• Completely agree. I don’t watch any of these shows (being abroad) but hate reading about them in the press too. These people plucked out of obscurity for their 15 minutes, being promised the world and then dropped. It’s disgusting and exploitative.

    I believe as far as I have heard that they do have psychologists etc on the team, but how much they are used, or if they are influenced to ensure that things go the company’s way? Not sure.

  • Agree completely – and I don’t even watch it.
    Same with footballers. Young lads get paid hundreds of thousand pounds a year – many of them having come from nothing – and we tut and are appalled when they behave badly in nightclubs or smash up expensive sports cars… But of course they are going to do that.

  • MummyB,
    Agree to a point. He should never have been selected in the first place but he seemed arrogant enough to believe the “hype”. His mentor and the team are driven by ratings and nothing else. When Gary turns round and says “Oh Frankie, you’re my little rock star” at Judge’s house what’s the boy to do? However, his performances were shambolic and worse than the worst karaoke. At what point does personal responsibility or even pride kick in? He is making himself a laughing stock. He has wasted the “opportunity”. No one else entered him into this circus. Equally, the media are a self fulfilling bunch of vultures. They feed their egos and sit and pick at them til they fall.
    I would love this this to be last we see of the X Factor.

  • This is one of the reasons I will not watch this trash. All it does is ruin people. If the winner is lucky they may get Christmas No 1 the year they win, but after that.

    As you say a group that has fought its way up the normal route and them being lucky enough to be discovered are usualy a lot more centered and will be around a lot longer.

    Its car crash TV and 11 million people tuen into watch it happen. If more prople tuned out and watched something else then this style of programe would go. But they wont Human psykie (I know its spet wrong) loves to watch others suffer.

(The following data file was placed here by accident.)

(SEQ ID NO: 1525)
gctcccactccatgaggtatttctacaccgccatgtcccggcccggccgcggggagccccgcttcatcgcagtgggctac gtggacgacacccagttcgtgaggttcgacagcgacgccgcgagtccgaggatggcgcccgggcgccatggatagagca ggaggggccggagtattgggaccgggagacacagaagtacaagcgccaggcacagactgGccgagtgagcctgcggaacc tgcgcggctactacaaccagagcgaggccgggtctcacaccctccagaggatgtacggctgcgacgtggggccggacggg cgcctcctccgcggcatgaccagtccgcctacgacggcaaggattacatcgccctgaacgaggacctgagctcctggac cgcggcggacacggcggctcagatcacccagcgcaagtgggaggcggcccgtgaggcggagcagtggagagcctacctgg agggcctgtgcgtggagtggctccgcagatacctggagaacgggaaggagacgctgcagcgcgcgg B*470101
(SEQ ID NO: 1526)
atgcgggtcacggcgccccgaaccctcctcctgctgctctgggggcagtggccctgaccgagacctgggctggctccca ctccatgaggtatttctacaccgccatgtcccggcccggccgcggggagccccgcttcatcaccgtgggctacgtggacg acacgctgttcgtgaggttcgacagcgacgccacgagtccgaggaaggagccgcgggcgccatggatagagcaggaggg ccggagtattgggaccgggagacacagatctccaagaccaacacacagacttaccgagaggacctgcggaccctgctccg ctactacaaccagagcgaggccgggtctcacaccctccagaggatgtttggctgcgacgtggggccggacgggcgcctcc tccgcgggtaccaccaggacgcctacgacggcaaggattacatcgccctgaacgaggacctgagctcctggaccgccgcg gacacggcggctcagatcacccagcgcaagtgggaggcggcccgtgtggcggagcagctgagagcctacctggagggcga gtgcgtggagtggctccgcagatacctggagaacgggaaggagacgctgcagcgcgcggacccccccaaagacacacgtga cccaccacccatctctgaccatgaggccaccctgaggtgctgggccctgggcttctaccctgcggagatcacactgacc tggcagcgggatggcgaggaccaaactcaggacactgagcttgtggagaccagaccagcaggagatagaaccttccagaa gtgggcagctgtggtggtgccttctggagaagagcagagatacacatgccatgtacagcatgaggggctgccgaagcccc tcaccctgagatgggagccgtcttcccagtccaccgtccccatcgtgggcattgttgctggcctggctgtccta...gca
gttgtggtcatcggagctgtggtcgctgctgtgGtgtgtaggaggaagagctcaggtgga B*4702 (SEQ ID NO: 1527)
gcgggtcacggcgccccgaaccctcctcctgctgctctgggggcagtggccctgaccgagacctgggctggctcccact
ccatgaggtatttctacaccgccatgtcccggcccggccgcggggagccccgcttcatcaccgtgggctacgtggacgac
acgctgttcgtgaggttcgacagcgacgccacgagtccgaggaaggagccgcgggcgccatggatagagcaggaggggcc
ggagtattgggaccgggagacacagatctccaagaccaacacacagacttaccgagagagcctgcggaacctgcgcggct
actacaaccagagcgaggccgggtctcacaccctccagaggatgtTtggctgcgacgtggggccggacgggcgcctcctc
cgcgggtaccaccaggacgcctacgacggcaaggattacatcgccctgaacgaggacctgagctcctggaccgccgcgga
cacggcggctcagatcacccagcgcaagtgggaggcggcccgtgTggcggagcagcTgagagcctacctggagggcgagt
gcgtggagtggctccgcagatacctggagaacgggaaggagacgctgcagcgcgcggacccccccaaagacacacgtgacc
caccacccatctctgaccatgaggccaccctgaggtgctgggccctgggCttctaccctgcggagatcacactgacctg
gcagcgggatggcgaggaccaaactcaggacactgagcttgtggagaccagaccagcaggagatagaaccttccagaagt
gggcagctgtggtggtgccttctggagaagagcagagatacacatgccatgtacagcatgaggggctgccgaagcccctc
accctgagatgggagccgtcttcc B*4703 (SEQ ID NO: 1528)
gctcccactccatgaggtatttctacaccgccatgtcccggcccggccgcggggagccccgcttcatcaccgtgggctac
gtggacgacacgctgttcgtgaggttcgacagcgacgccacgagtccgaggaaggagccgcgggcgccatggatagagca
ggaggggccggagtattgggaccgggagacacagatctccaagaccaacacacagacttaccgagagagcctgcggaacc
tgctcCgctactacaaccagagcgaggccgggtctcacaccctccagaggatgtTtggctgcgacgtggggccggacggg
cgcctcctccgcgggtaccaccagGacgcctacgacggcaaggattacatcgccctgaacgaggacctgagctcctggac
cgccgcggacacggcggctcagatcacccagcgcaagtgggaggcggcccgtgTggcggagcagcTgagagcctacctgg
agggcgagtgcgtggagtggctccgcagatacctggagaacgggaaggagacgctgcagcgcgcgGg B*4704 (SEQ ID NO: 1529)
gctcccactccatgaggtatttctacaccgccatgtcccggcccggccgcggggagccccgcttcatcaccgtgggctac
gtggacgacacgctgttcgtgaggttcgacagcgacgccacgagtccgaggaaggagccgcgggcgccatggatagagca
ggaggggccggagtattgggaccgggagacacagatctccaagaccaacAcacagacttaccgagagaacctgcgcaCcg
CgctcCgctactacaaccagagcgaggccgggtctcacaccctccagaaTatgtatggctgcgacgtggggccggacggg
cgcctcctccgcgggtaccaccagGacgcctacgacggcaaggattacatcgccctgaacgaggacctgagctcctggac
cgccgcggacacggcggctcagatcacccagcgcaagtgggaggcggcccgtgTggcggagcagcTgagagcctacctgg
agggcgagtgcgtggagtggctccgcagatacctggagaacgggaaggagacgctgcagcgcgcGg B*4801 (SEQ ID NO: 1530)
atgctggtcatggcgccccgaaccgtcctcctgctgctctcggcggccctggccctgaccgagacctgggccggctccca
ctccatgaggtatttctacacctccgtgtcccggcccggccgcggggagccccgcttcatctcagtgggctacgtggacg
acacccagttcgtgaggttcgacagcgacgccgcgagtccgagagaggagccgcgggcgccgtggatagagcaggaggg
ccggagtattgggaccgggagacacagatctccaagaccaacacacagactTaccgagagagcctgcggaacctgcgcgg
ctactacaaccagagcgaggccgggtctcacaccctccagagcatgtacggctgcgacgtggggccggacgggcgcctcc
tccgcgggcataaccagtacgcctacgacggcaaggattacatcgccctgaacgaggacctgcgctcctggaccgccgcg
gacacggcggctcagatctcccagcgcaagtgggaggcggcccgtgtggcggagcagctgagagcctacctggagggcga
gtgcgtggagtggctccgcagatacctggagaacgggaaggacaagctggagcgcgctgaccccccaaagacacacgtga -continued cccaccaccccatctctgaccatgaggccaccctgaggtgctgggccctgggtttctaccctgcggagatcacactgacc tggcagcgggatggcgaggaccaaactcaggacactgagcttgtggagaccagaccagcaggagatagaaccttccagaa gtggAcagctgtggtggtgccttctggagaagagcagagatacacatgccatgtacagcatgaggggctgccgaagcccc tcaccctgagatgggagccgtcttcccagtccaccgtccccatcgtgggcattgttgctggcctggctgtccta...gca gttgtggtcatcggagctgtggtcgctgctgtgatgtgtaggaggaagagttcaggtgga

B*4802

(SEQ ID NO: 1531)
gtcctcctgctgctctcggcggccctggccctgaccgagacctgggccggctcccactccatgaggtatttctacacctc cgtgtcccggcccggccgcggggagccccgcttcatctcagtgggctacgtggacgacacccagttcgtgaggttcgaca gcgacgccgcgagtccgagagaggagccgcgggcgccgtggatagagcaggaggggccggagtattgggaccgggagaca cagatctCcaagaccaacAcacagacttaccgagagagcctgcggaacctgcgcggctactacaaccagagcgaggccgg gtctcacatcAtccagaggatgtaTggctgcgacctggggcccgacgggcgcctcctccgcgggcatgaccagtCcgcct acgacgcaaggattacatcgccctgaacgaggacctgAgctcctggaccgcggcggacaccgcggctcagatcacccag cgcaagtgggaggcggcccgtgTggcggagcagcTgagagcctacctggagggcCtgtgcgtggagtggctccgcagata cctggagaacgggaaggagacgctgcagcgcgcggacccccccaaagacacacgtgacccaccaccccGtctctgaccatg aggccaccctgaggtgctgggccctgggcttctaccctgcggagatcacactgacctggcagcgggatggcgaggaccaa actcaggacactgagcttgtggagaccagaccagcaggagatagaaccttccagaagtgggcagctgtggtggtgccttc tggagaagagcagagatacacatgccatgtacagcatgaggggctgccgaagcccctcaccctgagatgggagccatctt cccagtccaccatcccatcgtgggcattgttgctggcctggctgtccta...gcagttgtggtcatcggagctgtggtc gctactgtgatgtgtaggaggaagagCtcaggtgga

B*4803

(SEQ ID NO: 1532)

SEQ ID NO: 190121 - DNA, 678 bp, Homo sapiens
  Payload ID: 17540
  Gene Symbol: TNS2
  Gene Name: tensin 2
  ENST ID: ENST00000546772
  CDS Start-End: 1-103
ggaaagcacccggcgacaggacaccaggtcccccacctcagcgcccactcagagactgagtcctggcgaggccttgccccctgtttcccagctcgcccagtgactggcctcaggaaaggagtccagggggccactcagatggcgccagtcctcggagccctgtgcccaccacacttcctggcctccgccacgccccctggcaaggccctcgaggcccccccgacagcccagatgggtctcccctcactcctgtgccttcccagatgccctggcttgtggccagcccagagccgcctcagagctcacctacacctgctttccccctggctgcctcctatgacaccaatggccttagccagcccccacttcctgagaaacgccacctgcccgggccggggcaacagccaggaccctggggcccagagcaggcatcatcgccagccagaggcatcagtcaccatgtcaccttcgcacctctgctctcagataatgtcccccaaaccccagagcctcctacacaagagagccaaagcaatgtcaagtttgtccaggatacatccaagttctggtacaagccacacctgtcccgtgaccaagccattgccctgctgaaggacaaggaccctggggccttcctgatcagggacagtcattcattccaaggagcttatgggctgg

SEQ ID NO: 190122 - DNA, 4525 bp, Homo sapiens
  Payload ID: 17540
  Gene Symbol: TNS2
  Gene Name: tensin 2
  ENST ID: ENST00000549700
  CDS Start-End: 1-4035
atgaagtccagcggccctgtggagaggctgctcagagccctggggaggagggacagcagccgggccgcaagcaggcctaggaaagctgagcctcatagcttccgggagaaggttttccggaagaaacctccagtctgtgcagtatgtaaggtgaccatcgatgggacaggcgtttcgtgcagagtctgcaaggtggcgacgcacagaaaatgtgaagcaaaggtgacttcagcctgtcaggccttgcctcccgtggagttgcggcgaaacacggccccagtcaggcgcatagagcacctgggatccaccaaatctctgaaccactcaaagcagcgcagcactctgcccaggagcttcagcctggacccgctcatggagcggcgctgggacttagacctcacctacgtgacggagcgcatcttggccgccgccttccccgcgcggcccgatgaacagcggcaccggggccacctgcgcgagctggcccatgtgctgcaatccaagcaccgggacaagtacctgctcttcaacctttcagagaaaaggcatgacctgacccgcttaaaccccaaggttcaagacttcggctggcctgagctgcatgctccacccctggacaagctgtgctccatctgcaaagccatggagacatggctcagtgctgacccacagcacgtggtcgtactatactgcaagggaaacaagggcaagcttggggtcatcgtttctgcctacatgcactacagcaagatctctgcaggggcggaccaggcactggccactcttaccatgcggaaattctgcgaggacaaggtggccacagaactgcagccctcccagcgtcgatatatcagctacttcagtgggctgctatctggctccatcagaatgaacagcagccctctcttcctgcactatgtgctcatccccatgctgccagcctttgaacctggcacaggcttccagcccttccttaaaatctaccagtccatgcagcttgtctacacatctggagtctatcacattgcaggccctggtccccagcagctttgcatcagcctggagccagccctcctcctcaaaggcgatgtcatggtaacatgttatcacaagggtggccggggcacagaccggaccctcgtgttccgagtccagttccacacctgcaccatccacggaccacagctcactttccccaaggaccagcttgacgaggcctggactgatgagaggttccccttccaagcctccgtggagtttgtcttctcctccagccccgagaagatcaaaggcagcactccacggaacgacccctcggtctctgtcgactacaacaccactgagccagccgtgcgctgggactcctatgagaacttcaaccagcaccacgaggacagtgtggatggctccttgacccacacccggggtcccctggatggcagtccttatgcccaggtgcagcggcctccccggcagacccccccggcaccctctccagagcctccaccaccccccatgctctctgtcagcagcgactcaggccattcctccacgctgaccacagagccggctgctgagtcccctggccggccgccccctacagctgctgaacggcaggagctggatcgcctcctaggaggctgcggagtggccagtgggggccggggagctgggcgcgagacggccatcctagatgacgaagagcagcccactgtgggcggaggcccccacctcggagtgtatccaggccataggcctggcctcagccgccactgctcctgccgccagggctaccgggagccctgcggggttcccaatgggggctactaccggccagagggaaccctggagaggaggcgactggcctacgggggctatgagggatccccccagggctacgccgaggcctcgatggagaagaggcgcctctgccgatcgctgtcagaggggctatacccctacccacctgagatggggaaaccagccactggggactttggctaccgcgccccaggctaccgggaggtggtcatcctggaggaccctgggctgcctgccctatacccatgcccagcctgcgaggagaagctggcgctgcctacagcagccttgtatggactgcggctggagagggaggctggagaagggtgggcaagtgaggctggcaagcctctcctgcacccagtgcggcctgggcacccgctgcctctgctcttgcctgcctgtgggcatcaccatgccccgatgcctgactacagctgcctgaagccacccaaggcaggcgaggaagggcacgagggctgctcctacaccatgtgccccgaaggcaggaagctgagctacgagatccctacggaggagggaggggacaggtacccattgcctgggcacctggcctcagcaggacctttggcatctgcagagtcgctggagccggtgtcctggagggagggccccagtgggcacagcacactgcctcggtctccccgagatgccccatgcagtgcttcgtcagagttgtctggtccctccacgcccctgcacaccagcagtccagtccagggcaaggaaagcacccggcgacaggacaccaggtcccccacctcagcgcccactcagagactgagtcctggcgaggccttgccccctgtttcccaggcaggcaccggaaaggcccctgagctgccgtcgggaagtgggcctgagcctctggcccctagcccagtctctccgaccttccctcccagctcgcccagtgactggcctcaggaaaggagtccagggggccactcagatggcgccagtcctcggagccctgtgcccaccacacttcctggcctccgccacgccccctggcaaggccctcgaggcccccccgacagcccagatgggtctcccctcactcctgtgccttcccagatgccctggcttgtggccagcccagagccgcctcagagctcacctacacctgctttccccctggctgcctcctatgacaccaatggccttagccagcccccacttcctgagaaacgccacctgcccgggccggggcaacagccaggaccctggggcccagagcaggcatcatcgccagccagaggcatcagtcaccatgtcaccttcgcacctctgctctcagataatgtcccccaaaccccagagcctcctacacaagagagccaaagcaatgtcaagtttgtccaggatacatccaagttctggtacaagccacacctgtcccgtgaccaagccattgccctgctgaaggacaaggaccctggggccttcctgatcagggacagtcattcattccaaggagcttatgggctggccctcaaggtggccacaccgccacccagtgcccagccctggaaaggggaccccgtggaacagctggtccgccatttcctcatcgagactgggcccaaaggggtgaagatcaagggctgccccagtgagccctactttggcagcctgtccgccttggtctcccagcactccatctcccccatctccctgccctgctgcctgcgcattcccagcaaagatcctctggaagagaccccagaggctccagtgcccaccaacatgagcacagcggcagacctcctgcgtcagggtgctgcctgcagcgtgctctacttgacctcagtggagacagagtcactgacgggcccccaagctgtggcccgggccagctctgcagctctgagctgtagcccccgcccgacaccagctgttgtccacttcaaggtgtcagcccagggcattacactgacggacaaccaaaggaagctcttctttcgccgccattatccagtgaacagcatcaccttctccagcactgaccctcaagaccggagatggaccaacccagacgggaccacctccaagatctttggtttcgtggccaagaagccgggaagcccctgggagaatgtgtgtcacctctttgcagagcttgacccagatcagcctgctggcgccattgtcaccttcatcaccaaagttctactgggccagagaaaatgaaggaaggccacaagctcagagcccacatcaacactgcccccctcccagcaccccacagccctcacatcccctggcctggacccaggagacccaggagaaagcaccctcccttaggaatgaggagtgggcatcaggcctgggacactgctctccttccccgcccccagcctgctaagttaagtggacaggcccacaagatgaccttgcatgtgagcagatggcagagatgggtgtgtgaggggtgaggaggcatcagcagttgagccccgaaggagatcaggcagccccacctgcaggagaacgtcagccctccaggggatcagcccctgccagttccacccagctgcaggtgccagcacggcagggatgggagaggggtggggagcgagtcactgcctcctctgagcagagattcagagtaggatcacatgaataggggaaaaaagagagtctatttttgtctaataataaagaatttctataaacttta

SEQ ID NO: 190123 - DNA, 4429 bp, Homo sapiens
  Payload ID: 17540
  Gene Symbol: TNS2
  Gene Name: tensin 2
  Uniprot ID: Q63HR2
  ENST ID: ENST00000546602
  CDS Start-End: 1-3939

• This is why I won’t watch them. They are ‘bread and circuses’ for the masses. No different than people fighting lions in the stadium.

  • I agree, up to a point. Your general point is a good one, and well made, but I don’t think that Frankie Cocozza would behave any differently were he in the public eye or not. He seems to be modelling himself on Pete Doherty, or at least that kind of mentality, and was a casual drug user before he entered the show.
    Whilst the show, and it’s allied spotlight, might not help it certainly isn’t the one and only reason why Frankie Cocozza is the way he is.

    • I agree Steve. Nobody made him go out and do those things, I grant you that. But the media’s portrayal of Doherty and the way drugs are often glamorised will mean we always get youngsters wanting to copy it.

      What should have happened is that the bosses at X Factor channelled it and protected Frankie from himself.

      • That’s fair comment, too. But, and let’s be honest here, he shouldn’t even have been ON the show because he can’t sing!
        There is always a whipping boy, which is wrong in and of itself, but some form of singing talent should be the MINIMUM requirement, surely?

        Frankie was/is a disaster waiting to happen but I’m not sure I can blame the media for that. Do the media *really* glamourise Pete Doherty. Is it even possible?

        I do think that The X Factor is on seriously borrowed time. I also think Simon Cowell knew it, which is why he jumped ship. It’s toxic TV, that’s for sure.